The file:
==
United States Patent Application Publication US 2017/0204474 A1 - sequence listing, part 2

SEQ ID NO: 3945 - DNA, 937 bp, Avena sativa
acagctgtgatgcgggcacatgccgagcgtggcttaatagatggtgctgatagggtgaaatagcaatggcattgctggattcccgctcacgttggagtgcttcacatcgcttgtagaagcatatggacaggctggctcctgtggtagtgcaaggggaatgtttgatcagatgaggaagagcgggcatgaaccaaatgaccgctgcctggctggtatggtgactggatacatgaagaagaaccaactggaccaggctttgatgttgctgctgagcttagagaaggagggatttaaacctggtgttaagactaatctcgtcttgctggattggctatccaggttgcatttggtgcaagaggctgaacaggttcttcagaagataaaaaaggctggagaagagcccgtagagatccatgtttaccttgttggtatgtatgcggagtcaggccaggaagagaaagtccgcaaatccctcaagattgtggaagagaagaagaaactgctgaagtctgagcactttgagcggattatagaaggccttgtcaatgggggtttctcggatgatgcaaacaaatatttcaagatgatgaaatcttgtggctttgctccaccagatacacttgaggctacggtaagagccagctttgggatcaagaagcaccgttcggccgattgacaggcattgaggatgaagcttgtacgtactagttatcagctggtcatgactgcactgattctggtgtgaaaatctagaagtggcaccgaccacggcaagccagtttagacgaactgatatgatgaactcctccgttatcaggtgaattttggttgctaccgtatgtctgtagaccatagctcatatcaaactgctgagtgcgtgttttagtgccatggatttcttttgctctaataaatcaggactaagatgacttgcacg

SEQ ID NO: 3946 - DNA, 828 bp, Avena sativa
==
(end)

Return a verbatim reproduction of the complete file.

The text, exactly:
United States Patent Application Publication US 2017/0204474 A1 - sequence listing, part 2

SEQ ID NO: 3945 - DNA, 937 bp, Avena sativa
acagctgtgatgcgggcacatgccgagcgtggcttaatagatggtgctgatagggtgaaatagcaatggcattgctggattcccgctcacgttggagtgcttcacatcgcttgtagaagcatatggacaggctggctcctgtggtagtgcaaggggaatgtttgatcagatgaggaagagcgggcatgaaccaaatgaccgctgcctggctggtatggtgactggatacatgaagaagaaccaactggaccaggctttgatgttgctgctgagcttagagaaggagggatttaaacctggtgttaagactaatctcgtcttgctggattggctatccaggttgcatttggtgcaagaggctgaacaggttcttcagaagataaaaaaggctggagaagagcccgtagagatccatgtttaccttgttggtatgtatgcggagtcaggccaggaagagaaagtccgcaaatccctcaagattgtggaagagaagaagaaactgctgaagtctgagcactttgagcggattatagaaggccttgtcaatgggggtttctcggatgatgcaaacaaatatttcaagatgatgaaatcttgtggctttgctccaccagatacacttgaggctacggtaagagccagctttgggatcaagaagcaccgttcggccgattgacaggcattgaggatgaagcttgtacgtactagttatcagctggtcatgactgcactgattctggtgtgaaaatctagaagtggcaccgaccacggcaagccagtttagacgaactgatatgatgaactcctccgttatcaggtgaattttggttgctaccgtatgtctgtagaccatagctcatatcaaactgctgagtgcgtgttttagtgccatggatttcttttgctctaataaatcaggactaagatgacttgcacg

SEQ ID NO: 3946 - DNA, 828 bp, Avena sativa